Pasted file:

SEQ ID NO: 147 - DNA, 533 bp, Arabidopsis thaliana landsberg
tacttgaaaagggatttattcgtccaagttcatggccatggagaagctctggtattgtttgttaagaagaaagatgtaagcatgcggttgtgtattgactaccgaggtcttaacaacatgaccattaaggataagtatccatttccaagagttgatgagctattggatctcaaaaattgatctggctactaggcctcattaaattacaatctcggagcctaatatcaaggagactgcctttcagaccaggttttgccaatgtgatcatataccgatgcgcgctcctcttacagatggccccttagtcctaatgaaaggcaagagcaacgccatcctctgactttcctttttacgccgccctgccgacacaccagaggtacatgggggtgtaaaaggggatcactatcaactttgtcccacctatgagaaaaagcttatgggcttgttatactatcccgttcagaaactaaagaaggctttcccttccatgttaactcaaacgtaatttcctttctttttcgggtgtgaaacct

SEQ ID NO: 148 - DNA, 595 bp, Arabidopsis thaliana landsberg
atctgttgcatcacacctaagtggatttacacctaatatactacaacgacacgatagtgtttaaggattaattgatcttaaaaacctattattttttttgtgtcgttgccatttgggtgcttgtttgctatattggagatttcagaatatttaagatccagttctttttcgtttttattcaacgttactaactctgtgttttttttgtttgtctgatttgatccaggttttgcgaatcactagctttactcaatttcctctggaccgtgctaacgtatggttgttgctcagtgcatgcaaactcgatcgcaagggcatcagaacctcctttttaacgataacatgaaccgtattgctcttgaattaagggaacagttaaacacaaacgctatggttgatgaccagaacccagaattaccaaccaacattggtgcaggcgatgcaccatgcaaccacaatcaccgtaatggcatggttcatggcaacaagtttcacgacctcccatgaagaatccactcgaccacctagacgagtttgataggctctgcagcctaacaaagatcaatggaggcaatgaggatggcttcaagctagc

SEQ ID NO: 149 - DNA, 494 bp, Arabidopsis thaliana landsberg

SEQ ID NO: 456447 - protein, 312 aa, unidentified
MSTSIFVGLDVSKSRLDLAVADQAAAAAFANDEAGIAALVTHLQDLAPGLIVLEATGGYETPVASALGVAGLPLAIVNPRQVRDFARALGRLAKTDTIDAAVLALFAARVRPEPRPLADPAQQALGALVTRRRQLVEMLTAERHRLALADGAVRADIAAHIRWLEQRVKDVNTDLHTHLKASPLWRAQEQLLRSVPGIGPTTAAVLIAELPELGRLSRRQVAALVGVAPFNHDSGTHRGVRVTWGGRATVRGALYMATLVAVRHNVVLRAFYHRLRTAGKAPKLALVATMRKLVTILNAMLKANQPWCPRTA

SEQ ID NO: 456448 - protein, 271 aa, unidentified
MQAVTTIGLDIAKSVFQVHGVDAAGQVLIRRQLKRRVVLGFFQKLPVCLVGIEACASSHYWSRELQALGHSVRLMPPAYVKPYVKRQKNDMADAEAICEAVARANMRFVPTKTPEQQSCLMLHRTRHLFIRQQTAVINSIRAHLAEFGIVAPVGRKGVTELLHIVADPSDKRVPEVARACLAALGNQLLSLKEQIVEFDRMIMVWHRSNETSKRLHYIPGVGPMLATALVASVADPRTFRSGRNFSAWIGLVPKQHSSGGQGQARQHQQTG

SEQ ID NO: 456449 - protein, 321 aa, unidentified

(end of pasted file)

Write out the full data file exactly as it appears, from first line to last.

SEQ ID NO: 147 - DNA, 533 bp, Arabidopsis thaliana landsberg
tacttgaaaagggatttattcgtccaagttcatggccatggagaagctctggtattgtttgttaagaagaaagatgtaagcatgcggttgtgtattgactaccgaggtcttaacaacatgaccattaaggataagtatccatttccaagagttgatgagctattggatctcaaaaattgatctggctactaggcctcattaaattacaatctcggagcctaatatcaaggagactgcctttcagaccaggttttgccaatgtgatcatataccgatgcgcgctcctcttacagatggccccttagtcctaatgaaaggcaagagcaacgccatcctctgactttcctttttacgccgccctgccgacacaccagaggtacatgggggtgtaaaaggggatcactatcaactttgtcccacctatgagaaaaagcttatgggcttgttatactatcccgttcagaaactaaagaaggctttcccttccatgttaactcaaacgtaatttcctttctttttcgggtgtgaaacct

SEQ ID NO: 148 - DNA, 595 bp, Arabidopsis thaliana landsberg
atctgttgcatcacacctaagtggatttacacctaatatactacaacgacacgatagtgtttaaggattaattgatcttaaaaacctattattttttttgtgtcgttgccatttgggtgcttgtttgctatattggagatttcagaatatttaagatccagttctttttcgtttttattcaacgttactaactctgtgttttttttgtttgtctgatttgatccaggttttgcgaatcactagctttactcaatttcctctggaccgtgctaacgtatggttgttgctcagtgcatgcaaactcgatcgcaagggcatcagaacctcctttttaacgataacatgaaccgtattgctcttgaattaagggaacagttaaacacaaacgctatggttgatgaccagaacccagaattaccaaccaacattggtgcaggcgatgcaccatgcaaccacaatcaccgtaatggcatggttcatggcaacaagtttcacgacctcccatgaagaatccactcgaccacctagacgagtttgataggctctgcagcctaacaaagatcaatggaggcaatgaggatggcttcaagctagc

SEQ ID NO: 149 - DNA, 494 bp, Arabidopsis thaliana landsberg

SEQ ID NO: 456447 - protein, 312 aa, unidentified
MSTSIFVGLDVSKSRLDLAVADQAAAAAFANDEAGIAALVTHLQDLAPGLIVLEATGGYETPVASALGVAGLPLAIVNPRQVRDFARALGRLAKTDTIDAAVLALFAARVRPEPRPLADPAQQALGALVTRRRQLVEMLTAERHRLALADGAVRADIAAHIRWLEQRVKDVNTDLHTHLKASPLWRAQEQLLRSVPGIGPTTAAVLIAELPELGRLSRRQVAALVGVAPFNHDSGTHRGVRVTWGGRATVRGALYMATLVAVRHNVVLRAFYHRLRTAGKAPKLALVATMRKLVTILNAMLKANQPWCPRTA

SEQ ID NO: 456448 - protein, 271 aa, unidentified
MQAVTTIGLDIAKSVFQVHGVDAAGQVLIRRQLKRRVVLGFFQKLPVCLVGIEACASSHYWSRELQALGHSVRLMPPAYVKPYVKRQKNDMADAEAICEAVARANMRFVPTKTPEQQSCLMLHRTRHLFIRQQTAVINSIRAHLAEFGIVAPVGRKGVTELLHIVADPSDKRVPEVARACLAALGNQLLSLKEQIVEFDRMIMVWHRSNETSKRLHYIPGVGPMLATALVASVADPRTFRSGRNFSAWIGLVPKQHSSGGQGQARQHQQTG

SEQ ID NO: 456449 - protein, 321 aa, unidentified